Finally, Congress appears ready to hold some high-profile hearings -- except they won't be about the most important scandals of the past decade, like how the United States was misled into the Iraq invasion, how the Afghan War was bungled, how torture became a U.S. practice, or how bank deregulation and Wall Street greed nearly destroyed the economy.
In a de'jà vu moment, Official Washington seems to be following the old script from the early years of Bill Clinton's administration with almost identical results.
After winning the White House in 1992, Democrats chose to ignore major crimes of the prior Republican administrations -- apparently as a gesture of bipartisanship -- only to have Republicans offer no reciprocity, stage a quick electoral comeback and then launch congressional investigations into trivial Democratic misdeeds.
That's what is shaping up again as Republicans reclaim control of the House on Wednesday with promises to conduct investigations that will put the Obama administration further on the defensive and will reinforce the dominant GOP narrative that "government is the problem."
So, instead of examining the sweeping deregulation of Big Banks and the perverse incentives on Wall Street -- as culprits in the financial collapse of 2008 -- Rep. Darrell Issa, the California Republican taking over the House Oversight Committee, has vowed to turn the congressional spotlight on the role of Fannie Mae and Freddie Mac in supporting loans to homebuyers.
In other words, we can expect the economic crisis to be laid at the door of government-supported efforts to help Americans buy homes, rather than the massive private corruption in the securitizing of sub-prime loans offered by "shadow banks" and then traded by Wall Street firms in reckless gambling.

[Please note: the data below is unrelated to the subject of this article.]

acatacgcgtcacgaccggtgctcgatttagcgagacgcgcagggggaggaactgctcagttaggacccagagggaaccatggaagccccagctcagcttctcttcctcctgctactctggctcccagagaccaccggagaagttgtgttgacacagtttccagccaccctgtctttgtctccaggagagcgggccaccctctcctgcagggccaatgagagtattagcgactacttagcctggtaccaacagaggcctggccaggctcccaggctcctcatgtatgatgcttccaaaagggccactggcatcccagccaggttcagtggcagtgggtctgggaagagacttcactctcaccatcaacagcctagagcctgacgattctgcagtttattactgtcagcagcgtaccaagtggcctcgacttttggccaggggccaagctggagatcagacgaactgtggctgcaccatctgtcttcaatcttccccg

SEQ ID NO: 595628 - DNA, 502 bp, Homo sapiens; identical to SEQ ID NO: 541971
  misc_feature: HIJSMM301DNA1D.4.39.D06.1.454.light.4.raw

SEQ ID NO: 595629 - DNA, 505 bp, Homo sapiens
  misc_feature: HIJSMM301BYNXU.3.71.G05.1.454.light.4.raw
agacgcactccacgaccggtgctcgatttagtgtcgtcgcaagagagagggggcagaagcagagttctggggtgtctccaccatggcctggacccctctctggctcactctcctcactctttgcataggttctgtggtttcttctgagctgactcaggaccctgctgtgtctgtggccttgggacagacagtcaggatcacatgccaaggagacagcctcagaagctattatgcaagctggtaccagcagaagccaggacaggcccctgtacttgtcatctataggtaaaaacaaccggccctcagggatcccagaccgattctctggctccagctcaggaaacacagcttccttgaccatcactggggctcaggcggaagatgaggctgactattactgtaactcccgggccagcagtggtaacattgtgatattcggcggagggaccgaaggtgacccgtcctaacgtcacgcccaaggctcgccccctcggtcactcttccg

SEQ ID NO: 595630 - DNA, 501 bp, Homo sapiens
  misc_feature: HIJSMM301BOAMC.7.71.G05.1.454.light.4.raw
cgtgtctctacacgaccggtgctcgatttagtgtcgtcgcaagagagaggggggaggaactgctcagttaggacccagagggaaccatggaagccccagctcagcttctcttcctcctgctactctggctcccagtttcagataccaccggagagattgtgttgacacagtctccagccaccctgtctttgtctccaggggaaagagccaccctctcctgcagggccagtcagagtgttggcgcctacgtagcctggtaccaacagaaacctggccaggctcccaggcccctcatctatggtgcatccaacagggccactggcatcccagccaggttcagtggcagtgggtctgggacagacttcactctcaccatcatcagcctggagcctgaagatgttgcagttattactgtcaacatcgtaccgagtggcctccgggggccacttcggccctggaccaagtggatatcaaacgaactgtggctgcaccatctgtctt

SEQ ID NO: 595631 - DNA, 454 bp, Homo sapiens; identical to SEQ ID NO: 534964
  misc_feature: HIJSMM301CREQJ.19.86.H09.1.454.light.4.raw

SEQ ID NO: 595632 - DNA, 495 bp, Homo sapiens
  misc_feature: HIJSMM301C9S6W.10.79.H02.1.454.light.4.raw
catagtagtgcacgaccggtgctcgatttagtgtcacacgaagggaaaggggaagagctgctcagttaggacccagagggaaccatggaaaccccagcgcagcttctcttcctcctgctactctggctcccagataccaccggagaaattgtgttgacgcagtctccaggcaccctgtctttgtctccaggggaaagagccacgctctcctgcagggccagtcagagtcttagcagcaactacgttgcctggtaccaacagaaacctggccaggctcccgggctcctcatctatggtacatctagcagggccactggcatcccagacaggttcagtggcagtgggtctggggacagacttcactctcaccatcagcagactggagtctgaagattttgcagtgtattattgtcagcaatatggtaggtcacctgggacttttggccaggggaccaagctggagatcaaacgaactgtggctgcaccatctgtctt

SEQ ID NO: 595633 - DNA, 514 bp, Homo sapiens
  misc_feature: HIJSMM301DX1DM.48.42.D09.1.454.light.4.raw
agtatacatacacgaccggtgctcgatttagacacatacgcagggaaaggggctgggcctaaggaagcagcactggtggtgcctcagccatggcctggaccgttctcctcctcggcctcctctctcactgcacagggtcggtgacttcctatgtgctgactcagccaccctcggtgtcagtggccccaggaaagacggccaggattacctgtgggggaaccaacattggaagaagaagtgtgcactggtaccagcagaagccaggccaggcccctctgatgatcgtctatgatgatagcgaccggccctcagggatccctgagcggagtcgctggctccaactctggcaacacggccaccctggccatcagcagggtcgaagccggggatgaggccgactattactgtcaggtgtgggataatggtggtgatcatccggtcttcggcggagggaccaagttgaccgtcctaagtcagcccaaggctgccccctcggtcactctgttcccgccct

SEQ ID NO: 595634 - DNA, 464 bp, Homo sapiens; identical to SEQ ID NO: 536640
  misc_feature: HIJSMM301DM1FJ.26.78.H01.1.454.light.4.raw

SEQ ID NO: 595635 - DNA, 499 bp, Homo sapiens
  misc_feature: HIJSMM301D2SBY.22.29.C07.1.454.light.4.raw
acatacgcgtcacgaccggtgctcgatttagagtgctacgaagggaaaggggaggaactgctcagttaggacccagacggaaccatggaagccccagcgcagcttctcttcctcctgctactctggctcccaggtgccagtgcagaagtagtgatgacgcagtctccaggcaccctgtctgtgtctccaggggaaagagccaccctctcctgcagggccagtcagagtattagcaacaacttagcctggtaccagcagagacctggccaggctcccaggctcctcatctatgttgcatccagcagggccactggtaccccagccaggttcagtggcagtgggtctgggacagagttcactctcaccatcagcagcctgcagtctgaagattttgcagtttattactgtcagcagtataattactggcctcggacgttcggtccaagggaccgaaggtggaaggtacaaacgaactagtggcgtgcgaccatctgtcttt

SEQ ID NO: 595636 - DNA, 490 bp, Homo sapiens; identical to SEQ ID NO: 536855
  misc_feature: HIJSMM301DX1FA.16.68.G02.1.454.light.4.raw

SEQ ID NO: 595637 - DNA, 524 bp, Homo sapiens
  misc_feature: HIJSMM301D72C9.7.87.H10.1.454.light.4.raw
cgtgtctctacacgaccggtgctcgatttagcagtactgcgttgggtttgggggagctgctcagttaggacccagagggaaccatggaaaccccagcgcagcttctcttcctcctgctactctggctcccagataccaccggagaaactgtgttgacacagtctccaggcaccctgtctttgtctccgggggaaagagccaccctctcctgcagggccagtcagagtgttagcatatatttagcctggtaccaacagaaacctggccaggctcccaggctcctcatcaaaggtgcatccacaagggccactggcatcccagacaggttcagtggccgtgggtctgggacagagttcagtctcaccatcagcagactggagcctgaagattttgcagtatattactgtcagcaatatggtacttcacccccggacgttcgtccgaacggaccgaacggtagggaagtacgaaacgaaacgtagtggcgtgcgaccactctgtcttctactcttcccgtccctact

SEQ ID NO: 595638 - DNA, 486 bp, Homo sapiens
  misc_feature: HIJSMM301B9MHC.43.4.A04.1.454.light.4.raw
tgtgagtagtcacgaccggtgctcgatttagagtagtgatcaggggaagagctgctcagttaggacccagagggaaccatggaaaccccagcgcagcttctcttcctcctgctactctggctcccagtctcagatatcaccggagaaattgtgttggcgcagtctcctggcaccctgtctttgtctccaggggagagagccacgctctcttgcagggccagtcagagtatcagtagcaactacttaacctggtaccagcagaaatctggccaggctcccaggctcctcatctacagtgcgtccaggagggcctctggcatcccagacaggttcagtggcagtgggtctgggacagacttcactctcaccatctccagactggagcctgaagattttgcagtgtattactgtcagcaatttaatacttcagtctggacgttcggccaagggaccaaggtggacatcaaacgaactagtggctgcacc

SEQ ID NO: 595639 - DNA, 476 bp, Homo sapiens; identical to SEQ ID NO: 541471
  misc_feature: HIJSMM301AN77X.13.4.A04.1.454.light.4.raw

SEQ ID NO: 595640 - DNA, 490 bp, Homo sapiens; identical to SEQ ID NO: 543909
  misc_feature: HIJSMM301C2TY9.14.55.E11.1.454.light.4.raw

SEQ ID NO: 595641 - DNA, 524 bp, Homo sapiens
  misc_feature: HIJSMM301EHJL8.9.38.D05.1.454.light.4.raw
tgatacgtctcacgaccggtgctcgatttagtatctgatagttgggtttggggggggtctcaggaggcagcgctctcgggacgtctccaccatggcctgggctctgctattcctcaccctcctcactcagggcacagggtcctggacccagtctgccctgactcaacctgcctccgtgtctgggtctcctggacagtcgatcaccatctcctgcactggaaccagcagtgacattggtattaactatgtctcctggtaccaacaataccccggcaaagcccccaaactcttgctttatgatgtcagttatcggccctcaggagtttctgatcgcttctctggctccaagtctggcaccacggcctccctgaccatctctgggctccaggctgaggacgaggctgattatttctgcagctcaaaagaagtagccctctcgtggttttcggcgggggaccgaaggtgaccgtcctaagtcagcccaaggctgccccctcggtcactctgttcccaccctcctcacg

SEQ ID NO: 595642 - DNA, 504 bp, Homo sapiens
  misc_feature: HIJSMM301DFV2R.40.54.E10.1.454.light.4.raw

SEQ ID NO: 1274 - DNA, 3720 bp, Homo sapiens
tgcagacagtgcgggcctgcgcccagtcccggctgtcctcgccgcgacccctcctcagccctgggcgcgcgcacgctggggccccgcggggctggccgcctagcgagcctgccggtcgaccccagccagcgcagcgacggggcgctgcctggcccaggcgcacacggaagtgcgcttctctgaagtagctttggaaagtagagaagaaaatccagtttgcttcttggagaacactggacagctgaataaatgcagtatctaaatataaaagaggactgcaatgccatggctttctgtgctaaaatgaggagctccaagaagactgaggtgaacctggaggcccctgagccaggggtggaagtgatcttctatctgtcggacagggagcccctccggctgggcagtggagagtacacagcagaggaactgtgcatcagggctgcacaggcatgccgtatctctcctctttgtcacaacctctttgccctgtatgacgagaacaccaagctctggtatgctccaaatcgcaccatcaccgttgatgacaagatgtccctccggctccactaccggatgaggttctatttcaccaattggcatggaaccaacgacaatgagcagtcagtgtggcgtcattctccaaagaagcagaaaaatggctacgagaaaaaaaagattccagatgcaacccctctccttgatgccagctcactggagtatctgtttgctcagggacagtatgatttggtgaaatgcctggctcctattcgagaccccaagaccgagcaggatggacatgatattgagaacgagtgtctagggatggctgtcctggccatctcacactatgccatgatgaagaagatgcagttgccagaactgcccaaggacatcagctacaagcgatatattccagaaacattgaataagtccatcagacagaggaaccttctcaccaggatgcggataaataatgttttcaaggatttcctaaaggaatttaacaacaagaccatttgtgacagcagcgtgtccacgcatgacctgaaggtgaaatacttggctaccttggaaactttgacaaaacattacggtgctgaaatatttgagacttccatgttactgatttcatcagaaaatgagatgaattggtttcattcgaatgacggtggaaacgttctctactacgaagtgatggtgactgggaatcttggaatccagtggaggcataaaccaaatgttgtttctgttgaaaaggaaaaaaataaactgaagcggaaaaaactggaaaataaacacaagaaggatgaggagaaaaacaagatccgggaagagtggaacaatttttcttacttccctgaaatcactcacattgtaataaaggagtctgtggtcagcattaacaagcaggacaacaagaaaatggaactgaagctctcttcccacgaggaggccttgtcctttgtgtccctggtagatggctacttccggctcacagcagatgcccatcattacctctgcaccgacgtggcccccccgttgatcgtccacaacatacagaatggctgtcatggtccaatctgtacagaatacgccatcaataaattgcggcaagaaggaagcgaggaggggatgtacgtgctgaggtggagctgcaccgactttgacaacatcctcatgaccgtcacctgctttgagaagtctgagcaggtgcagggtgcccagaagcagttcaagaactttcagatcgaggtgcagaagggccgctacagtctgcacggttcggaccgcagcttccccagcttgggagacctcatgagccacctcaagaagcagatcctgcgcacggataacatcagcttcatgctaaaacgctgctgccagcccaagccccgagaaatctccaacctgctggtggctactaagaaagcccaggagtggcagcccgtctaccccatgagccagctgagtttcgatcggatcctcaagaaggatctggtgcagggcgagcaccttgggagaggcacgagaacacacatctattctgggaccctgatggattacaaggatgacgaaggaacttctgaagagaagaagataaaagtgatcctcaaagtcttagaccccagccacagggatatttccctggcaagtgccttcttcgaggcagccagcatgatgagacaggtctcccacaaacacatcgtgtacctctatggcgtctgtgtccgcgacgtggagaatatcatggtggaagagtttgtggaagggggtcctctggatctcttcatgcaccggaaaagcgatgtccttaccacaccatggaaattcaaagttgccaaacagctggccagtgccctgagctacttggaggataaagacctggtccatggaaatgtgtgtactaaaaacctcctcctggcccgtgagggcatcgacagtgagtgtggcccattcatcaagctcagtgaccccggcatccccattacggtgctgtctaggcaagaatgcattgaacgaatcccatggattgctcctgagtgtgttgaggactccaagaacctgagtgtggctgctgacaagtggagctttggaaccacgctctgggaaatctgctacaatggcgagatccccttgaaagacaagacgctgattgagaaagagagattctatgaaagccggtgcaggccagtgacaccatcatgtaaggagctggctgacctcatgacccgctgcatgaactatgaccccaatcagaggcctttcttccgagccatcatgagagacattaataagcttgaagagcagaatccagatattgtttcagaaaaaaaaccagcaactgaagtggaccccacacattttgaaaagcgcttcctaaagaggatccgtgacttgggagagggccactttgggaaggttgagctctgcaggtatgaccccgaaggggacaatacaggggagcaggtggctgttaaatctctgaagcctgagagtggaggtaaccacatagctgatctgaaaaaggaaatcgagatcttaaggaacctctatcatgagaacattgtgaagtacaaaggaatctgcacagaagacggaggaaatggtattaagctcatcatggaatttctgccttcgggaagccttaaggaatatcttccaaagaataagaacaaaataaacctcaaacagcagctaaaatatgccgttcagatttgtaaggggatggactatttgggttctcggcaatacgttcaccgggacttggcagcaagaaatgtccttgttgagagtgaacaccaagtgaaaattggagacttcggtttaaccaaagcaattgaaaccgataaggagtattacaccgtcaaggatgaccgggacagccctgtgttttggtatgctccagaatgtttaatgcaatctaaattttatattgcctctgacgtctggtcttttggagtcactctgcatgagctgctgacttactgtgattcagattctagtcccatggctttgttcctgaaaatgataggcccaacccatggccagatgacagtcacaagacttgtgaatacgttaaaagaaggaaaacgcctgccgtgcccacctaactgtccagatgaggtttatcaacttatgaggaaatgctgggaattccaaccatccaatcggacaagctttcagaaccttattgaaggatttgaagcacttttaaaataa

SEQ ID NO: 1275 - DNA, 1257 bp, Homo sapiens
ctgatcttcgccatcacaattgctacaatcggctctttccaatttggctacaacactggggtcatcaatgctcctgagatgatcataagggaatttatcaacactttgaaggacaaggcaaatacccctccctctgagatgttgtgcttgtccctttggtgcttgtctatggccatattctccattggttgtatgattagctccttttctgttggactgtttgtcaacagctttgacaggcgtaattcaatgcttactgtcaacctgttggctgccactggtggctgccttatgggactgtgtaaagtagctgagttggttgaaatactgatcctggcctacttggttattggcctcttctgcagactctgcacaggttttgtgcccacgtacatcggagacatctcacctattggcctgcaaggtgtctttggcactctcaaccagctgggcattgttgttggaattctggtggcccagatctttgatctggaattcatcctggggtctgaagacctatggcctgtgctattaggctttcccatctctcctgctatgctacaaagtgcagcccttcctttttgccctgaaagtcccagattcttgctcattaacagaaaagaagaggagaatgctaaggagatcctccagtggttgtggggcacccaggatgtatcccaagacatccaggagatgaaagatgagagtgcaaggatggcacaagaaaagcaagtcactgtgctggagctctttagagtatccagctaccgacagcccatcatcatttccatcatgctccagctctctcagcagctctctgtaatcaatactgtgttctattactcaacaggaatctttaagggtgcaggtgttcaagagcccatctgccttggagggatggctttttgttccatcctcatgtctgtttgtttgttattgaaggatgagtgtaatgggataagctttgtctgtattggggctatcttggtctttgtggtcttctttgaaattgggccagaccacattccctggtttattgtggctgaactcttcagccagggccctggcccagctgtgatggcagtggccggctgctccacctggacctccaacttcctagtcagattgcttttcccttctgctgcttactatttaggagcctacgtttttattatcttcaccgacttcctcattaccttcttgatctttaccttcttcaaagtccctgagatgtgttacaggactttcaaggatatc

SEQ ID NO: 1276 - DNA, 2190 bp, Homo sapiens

Similarly, Issa will target government regulation -- rather than the consequences of unwise deregulation -- as the cause for high unemployment.
On another front, instead of exposing the government deception and wishful thinking that trapped American troops in two botched wars, Issa plans to go after the Obama administration for not attacking WikiLeaks more aggressively over its publication of classified government records.
Another Republican chairman, Rep. Peter King of New York, has vowed to use the Homeland Security Committee to examine not the abuse of Muslim prisoners captured in George W. Bush's "war on terror" nor the dangers created by Islamophobia, but the supposed radicalization of Muslims in the United States. [See Washington Post, Jan. 4, 2011.]
King's hearings are shaping up as a kind of show trial for an entire ethnic/religious community not seen in modern U.S. history.
All these investigations can be expected to provide scoops for Fox News and other right-wing media outlets further benefiting Republican candidates in 2012 when the GOP expects to consolidate its control of Congress and reclaim the White House. If the experience of the Clinton years continues to be predictive, the mainstream news media will eagerly clamber onto the right-wing bandwagon in pursuit of scandal stories.
This latest turn of the page on the GOP's old get-Clinton playbook was, of course, not unexpected. What remains extraordinary is how clueless the Democrats continue to be about the importance of official investigations in educating -- or mis-educating -- the American people.
Good and Bad Investigations
Historically, some congressional investigations -- like Sen. Joe McCarthy's probes into "un-American activities" -- have been witch hunts designed to frighten the public and intimidate dissenters, but others -- like the Watergate hearings and Sen. J. William Fulbright's examination of the Vietnam War -- have helped Americans understand serious abuses of government power.
Indeed, those Vietnam-Watergate experiences of the 1970s convinced Republicans that they needed to be more aggressive in defending the political flanks of their leaders and in taking the fight to the Democrats when the opportunity presented itself.
Another reaction to those investigations was the determination of wealthy conservatives to build their own right-wing news media and fund attack groups to go after independent-minded mainstream journalists.